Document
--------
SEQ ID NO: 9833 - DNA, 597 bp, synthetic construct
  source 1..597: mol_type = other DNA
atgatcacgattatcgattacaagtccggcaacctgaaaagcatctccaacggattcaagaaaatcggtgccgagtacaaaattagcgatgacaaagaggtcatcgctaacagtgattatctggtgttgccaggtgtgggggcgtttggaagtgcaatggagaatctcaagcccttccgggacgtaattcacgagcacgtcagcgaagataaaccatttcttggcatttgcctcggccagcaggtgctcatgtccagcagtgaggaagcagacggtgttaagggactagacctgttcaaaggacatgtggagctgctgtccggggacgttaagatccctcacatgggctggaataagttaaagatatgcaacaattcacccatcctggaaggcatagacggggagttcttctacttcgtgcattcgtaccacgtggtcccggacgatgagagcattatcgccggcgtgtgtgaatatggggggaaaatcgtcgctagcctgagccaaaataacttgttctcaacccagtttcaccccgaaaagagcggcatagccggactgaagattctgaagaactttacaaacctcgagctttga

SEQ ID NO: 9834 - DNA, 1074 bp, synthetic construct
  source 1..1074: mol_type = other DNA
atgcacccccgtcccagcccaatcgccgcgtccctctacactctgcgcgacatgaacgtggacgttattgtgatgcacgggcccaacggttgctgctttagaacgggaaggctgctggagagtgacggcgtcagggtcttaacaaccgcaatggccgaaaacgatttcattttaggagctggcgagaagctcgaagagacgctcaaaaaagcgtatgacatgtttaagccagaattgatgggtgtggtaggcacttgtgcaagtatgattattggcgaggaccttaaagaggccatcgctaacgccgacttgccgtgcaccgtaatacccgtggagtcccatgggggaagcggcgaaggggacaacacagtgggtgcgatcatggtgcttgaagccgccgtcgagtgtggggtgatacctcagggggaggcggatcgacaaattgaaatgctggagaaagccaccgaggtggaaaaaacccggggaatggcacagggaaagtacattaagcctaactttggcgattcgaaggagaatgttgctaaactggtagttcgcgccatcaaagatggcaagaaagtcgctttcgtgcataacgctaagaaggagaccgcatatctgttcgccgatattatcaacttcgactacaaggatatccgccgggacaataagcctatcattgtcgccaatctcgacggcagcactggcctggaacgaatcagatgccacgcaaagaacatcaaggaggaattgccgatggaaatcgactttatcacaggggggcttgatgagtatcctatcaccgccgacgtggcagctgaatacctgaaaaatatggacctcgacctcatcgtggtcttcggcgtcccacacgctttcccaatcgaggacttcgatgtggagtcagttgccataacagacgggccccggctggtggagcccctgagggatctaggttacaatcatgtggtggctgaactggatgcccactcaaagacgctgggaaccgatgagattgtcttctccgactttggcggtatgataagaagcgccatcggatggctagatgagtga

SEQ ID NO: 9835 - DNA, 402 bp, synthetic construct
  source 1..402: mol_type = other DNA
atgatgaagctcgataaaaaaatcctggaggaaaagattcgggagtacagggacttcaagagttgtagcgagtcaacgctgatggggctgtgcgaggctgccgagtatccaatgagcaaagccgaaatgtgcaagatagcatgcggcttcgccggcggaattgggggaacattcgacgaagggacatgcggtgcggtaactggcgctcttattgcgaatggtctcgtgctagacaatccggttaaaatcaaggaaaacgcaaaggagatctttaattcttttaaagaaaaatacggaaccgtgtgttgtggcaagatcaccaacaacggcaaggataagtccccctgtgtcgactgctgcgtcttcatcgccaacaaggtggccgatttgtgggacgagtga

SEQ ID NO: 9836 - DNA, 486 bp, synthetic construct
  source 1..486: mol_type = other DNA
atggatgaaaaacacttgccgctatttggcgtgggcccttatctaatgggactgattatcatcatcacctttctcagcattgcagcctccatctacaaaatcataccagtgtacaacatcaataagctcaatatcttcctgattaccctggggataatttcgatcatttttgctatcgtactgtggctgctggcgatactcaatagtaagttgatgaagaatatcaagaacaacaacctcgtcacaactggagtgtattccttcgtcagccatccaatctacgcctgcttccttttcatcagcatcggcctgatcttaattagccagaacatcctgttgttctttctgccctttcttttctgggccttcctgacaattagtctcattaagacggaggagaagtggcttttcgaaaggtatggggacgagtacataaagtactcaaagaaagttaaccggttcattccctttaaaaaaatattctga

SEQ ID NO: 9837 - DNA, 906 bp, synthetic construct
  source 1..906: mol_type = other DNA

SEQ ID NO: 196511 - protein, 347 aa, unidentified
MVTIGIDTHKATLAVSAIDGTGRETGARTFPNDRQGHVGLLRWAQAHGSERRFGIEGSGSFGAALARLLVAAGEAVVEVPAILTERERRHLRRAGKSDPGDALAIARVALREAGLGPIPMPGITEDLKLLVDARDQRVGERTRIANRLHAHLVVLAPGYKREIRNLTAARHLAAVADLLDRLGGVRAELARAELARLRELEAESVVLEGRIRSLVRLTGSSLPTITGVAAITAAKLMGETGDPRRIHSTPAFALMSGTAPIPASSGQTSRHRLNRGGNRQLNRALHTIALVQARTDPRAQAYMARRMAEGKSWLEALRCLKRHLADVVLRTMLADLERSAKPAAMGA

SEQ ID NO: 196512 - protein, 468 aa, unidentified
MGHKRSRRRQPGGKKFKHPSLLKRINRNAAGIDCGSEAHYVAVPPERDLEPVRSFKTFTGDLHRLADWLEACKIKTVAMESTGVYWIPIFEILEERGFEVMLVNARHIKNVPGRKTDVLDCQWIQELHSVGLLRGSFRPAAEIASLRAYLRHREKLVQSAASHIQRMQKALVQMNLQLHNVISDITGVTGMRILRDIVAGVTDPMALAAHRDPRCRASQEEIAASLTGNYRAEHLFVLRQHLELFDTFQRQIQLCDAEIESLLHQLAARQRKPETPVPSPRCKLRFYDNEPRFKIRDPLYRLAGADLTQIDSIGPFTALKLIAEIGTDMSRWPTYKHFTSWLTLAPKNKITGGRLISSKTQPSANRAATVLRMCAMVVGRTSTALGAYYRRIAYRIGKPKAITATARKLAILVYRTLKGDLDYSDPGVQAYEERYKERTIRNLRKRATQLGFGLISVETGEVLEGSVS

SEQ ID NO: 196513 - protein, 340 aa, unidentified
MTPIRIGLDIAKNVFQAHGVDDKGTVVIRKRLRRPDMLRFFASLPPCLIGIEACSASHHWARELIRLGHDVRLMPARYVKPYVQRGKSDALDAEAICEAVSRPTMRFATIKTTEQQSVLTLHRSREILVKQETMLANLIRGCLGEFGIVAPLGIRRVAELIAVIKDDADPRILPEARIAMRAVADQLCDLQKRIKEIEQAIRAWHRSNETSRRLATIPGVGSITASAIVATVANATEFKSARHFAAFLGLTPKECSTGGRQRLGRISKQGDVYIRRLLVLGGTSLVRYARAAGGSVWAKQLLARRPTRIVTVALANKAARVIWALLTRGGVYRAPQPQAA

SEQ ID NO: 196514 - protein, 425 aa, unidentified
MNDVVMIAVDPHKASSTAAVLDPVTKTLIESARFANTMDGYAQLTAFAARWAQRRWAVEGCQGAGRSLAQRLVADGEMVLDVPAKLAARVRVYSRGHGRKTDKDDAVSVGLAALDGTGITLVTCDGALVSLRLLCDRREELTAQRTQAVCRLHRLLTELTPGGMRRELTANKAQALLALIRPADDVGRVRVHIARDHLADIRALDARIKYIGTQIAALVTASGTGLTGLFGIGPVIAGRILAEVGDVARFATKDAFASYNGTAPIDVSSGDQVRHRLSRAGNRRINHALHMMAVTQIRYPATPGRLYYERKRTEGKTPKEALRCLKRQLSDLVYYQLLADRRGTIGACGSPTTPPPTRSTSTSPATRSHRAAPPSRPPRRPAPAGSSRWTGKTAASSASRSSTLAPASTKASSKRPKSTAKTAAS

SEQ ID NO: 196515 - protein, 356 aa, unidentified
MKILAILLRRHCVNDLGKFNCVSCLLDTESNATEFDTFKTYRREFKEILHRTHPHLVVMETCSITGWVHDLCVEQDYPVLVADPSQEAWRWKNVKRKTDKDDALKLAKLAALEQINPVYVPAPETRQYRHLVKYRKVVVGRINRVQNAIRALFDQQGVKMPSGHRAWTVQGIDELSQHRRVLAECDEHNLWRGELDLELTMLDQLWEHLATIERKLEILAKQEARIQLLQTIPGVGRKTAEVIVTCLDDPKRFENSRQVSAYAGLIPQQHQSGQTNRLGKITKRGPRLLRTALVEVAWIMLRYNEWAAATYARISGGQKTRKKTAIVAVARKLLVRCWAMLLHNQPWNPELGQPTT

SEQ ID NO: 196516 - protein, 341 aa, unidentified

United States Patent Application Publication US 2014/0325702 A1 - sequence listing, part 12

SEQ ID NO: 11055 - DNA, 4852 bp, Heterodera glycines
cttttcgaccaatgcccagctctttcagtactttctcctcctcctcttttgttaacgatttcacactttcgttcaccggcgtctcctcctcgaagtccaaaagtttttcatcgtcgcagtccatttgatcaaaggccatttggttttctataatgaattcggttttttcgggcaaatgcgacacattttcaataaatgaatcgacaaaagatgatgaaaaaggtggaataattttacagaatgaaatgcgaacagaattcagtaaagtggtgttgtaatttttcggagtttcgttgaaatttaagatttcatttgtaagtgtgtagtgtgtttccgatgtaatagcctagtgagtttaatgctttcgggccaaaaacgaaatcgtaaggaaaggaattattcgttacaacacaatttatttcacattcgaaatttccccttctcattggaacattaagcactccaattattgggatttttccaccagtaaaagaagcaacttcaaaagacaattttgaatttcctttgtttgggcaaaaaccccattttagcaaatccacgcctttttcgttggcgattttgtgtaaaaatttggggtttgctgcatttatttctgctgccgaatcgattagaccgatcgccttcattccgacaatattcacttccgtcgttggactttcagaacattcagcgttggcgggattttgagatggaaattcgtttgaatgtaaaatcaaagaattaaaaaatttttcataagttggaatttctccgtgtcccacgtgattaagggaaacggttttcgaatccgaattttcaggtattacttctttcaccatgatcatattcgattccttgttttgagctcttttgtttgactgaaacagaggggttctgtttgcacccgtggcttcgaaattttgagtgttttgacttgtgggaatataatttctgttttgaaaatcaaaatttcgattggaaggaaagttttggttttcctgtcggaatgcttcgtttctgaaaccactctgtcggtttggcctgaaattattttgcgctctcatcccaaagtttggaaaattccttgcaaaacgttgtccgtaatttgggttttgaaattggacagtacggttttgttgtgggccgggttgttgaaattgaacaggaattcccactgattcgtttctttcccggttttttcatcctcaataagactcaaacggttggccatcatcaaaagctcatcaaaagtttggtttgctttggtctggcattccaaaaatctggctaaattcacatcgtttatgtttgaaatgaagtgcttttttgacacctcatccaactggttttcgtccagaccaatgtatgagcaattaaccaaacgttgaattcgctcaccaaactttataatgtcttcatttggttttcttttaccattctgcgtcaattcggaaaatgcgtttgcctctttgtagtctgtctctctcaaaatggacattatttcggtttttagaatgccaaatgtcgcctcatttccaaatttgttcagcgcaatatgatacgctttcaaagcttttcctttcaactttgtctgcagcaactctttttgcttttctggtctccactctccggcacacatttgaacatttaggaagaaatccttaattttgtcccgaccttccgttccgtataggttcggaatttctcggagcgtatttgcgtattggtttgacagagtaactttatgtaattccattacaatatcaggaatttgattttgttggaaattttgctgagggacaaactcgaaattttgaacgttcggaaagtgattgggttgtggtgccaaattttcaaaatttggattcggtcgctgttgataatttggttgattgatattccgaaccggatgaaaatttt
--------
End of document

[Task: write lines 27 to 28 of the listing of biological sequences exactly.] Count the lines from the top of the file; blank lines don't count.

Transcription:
SEQ ID NO: 11055 - DNA, 4852 bp, Heterodera glycines
cttttcgaccaatgcccagctctttcagtactttctcctcctcctcttttgttaacgatttcacactttcgttcaccggcgtctcctcctcgaagtccaaaagtttttcatcgtcgcagtccatttgatcaaaggccatttggttttctataatgaattcggttttttcgggcaaatgcgacacattttcaataaatgaatcgacaaaagatgatgaaaaaggtggaataattttacagaatgaaatgcgaacagaattcagtaaagtggtgttgtaatttttcggagtttcgttgaaatttaagatttcatttgtaagtgtgtagtgtgtttccgatgtaatagcctagtgagtttaatgctttcgggccaaaaacgaaatcgtaaggaaaggaattattcgttacaacacaatttatttcacattcgaaatttccccttctcattggaacattaagcactccaattattgggatttttccaccagtaaaagaagcaacttcaaaagacaattttgaatttcctttgtttgggcaaaaaccccattttagcaaatccacgcctttttcgttggcgattttgtgtaaaaatttggggtttgctgcatttatttctgctgccgaatcgattagaccgatcgccttcattccgacaatattcacttccgtcgttggactttcagaacattcagcgttggcgggattttgagatggaaattcgtttgaatgtaaaatcaaagaattaaaaaatttttcataagttggaatttctccgtgtcccacgtgattaagggaaacggttttcgaatccgaattttcaggtattacttctttcaccatgatcatattcgattccttgttttgagctcttttgtttgactgaaacagaggggttctgtttgcacccgtggcttcgaaattttgagtgttttgacttgtgggaatataatttctgttttgaaaatcaaaatttcgattggaaggaaagttttggttttcctgtcggaatgcttcgtttctgaaaccactctgtcggtttggcctgaaattattttgcgctctcatcccaaagtttggaaaattccttgcaaaacgttgtccgtaatttgggttttgaaattggacagtacggttttgttgtgggccgggttgttgaaattgaacaggaattcccactgattcgtttctttcccggttttttcatcctcaataagactcaaacggttggccatcatcaaaagctcatcaaaagtttggtttgctttggtctggcattccaaaaatctggctaaattcacatcgtttatgtttgaaatgaagtgcttttttgacacctcatccaactggttttcgtccagaccaatgtatgagcaattaaccaaacgttgaattcgctcaccaaactttataatgtcttcatttggttttcttttaccattctgcgtcaattcggaaaatgcgtttgcctctttgtagtctgtctctctcaaaatggacattatttcggtttttagaatgccaaatgtcgcctcatttccaaatttgttcagcgcaatatgatacgctttcaaagcttttcctttcaactttgtctgcagcaactctttttgcttttctggtctccactctccggcacacatttgaacatttaggaagaaatccttaattttgtcccgaccttccgttccgtataggttcggaatttctcggagcgtatttgcgtattggtttgacagagtaactttatgtaattccattacaatatcaggaatttgattttgttggaaattttgctgagggacaaactcgaaattttgaacgttcggaaagtgattgggttgtggtgccaaattttcaaaatttggattcggtcgctgttgataatttggttgattgatattccgaaccggatgaaaatttt